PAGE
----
Donations Helping to Save Paton’s Birder Haven, a Precious Birdwatching Site in Patagonia, Arizona.

Today’s post contains a special conservation message from Victor Emanuel, owner of VENT Tours, about the Paton property, a famous hummingbird site in Arizona.

Submitted by About a year ago I received a call from a woman named Ann Cullen Smith asking VENT to help save the famous Paton hummingbird property in Patagonia, Arizona. Over the years, Ann has traveled on several VENT trips, which is how I came to know her. She lives in Minneapolis, Minnesota, but what is so remarkable about her is that she also happens to be 104 years old. Let’s just say that I don’t get many phone calls from birders over 100 who are still trying to save birding sites.

Black-chinned Hummingbird © lkamms

Black-chinned Hummingbird © lkamms

As the premier site in the United States to see the rare Violet-crowned Hummingbird and other specialty birds, the Paton property has been a mainstay of North American birding since its purchase by Wally and Marion Paton in 1974. With the Patons having passed on, the house was about to go up for sale. Ann’s call prompted me to contact Bonnie Paton Moon, the daughter of Wally and Marion and the family member responsible for settling her parents’ estate. Bonnie explained that she very much wanted the property to continue operating as it had when her parents were alive, but that the family needed to sell it. The value of the place was set at $300,000. That’s when I offered to help.

I am on the board of the American Bird Conservancy (ABC), one of the top organizations helping to conserve birds. I attended a board meeting this past January at which time I asked ABC to help raise the money to buy the Paton property. After the meeting, Executive Director George Fenwick gave me the electrifying news that ABC would embrace the effort, and even play the lead role. If the property was purchased from the Paton family, he told me, ABC wanted to give it to Tucson Audubon. Paul Green, Tucson Audubon’s Executive Director, and his board agreed to receive the donation and to assume responsibility for staffing and maintaining the property.

Right out of the gate I was able to secure pledges totaling $110,000 from a few ABC supporters. It was decided that our three organizations would send out an appeal for donations to raise the additional $190,000. It was also determined that any funds raised in excess of that goal will go into an endowment for the Paton property.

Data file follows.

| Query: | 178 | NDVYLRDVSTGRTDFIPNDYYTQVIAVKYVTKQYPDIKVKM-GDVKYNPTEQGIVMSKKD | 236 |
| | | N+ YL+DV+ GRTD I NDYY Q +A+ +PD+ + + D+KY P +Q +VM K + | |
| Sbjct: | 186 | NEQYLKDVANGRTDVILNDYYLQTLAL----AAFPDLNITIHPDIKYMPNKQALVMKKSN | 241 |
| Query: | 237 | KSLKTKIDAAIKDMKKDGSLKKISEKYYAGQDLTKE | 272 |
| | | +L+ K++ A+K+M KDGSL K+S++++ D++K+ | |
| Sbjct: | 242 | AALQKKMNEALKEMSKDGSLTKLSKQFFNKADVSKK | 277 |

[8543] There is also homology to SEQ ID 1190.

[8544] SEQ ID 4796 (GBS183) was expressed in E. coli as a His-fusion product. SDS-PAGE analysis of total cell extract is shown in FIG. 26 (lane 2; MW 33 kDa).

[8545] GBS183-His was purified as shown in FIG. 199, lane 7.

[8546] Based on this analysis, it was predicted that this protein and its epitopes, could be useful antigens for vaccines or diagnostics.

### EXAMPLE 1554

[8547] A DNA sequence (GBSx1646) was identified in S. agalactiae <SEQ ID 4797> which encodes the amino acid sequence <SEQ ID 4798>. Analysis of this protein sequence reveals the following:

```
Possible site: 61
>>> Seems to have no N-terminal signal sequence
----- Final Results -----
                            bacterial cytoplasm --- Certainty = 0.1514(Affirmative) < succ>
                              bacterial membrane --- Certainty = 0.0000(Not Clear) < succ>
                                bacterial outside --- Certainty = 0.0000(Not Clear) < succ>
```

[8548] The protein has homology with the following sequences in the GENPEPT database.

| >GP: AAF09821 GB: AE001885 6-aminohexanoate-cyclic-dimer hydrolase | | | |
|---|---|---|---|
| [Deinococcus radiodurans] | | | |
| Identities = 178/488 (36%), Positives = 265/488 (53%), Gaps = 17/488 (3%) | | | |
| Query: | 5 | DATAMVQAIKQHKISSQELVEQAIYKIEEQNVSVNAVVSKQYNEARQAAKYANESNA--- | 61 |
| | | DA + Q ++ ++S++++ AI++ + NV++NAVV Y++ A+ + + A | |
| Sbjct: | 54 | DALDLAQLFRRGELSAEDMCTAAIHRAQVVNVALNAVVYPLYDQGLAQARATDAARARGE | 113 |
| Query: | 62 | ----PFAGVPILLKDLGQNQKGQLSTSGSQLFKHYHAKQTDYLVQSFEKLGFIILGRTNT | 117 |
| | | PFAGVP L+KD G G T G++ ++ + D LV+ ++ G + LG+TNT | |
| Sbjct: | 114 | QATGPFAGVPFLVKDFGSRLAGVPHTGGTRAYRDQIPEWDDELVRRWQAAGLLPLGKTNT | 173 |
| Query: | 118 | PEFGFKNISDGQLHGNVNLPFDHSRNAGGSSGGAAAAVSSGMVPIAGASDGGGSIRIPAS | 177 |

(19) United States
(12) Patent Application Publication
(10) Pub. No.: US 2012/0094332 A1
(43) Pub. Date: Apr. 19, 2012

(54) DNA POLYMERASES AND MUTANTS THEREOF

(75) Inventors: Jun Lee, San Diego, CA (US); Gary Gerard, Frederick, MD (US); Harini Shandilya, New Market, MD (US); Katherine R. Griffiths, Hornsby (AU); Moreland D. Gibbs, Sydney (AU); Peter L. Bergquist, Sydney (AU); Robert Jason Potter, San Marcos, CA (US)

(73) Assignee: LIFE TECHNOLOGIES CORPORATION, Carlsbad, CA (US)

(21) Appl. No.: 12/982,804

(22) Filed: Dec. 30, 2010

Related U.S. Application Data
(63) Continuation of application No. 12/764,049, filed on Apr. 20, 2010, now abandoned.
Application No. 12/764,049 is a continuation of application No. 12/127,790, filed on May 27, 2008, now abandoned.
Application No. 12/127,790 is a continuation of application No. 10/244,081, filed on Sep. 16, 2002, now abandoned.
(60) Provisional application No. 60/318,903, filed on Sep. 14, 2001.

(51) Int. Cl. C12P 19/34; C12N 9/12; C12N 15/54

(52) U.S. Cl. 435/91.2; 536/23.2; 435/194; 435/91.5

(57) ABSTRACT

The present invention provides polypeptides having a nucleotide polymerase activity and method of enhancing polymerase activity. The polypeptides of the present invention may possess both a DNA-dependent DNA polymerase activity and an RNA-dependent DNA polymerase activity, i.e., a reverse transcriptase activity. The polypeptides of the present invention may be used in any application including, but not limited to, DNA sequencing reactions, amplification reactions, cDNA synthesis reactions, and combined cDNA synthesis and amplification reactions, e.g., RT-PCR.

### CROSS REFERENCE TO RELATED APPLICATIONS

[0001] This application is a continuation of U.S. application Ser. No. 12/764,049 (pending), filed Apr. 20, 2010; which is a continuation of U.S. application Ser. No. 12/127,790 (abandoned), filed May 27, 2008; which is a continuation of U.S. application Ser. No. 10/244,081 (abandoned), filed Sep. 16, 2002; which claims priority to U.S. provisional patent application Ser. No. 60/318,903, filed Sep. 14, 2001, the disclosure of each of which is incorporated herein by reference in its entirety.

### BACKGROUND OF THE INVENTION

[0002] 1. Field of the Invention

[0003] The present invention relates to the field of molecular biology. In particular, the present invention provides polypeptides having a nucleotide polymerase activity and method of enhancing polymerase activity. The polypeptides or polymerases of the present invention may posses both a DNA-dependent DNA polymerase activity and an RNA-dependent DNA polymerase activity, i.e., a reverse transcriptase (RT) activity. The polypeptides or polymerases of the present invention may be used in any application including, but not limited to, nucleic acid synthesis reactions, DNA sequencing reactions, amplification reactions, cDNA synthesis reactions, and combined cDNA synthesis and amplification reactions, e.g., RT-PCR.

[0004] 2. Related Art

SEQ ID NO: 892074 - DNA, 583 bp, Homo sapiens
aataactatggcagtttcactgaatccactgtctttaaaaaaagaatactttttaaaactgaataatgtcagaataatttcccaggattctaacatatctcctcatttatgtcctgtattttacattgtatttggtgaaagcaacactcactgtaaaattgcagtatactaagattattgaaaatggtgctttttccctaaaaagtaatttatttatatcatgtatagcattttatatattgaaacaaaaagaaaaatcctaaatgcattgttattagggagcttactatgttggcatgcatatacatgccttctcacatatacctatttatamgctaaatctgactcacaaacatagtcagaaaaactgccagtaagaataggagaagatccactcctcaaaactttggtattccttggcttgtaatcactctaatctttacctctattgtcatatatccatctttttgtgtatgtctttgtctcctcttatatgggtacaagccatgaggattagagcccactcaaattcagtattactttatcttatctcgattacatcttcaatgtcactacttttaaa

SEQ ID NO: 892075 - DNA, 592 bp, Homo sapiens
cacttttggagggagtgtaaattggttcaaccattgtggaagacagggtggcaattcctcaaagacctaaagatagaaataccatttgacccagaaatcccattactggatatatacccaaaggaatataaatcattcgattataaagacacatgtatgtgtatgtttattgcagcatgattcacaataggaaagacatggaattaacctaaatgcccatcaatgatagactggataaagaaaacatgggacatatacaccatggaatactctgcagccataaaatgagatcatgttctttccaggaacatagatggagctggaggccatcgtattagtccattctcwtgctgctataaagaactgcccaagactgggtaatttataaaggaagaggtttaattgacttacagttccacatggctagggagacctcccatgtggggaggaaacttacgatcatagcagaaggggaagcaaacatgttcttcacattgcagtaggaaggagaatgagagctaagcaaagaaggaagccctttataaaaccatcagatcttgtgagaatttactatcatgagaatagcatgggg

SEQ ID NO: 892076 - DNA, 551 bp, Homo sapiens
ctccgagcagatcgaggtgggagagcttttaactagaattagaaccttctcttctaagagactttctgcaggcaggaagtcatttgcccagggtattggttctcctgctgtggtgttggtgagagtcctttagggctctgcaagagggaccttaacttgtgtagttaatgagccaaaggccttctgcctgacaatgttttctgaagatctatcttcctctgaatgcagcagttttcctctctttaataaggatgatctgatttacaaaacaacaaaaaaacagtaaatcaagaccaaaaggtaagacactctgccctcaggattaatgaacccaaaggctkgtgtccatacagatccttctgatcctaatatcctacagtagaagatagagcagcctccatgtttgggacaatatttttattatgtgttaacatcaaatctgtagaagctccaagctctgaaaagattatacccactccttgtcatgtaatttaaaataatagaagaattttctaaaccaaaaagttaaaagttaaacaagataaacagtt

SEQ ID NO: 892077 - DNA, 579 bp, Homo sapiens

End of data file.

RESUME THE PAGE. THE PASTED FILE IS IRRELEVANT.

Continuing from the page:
I was glad to get involved with this project since I knew Wally and Marion and had been to the Paton’s numbers of times. I had seen firsthand what this property meant to birders and to the hummingbirds that visited the feeders and flowering plants in the yard, especially the Violet-crowned Hummingbird. The Paton’s is the only site in the U.S. where that beautiful hummingbird can be seen reliably. I had experienced the warm hospitality of Marion and Wally, who opened their home to thousands of birders. I knew they would want their property to continue operating in the tradition they started. Underscoring my determination, I remember the sad fate of the Spofford house in the Chiricahuas, another equally famous birding property. After longtime owners Walter and Sally Spofford passed away, the feeders were taken down, the house was eventually sold, and that marvelous site was no longer available to the birds and birders. Through our youth birding camps I had taken many young birders to the Spofford’s and had seen their reactions when they saw “lifer” hummingbirds including the spectacular Magnificent Hummingbird. While we lost the Spofford’s, I do not want us to lose the Paton’s.

I hope you will help save Paton’s Birder Haven by making a donation at Every dollar will help. Please forward this post anyone you know who might be interested in donating to this cause. If you haven’t been to the Paton’s, I hope you can visit that lovely site someday, and if you’ve already made a donation you can take pride in knowing that because of you and thousands of other birders, the Paton’s will be there forever—for the hummingbirds and the birders who love seeing them.

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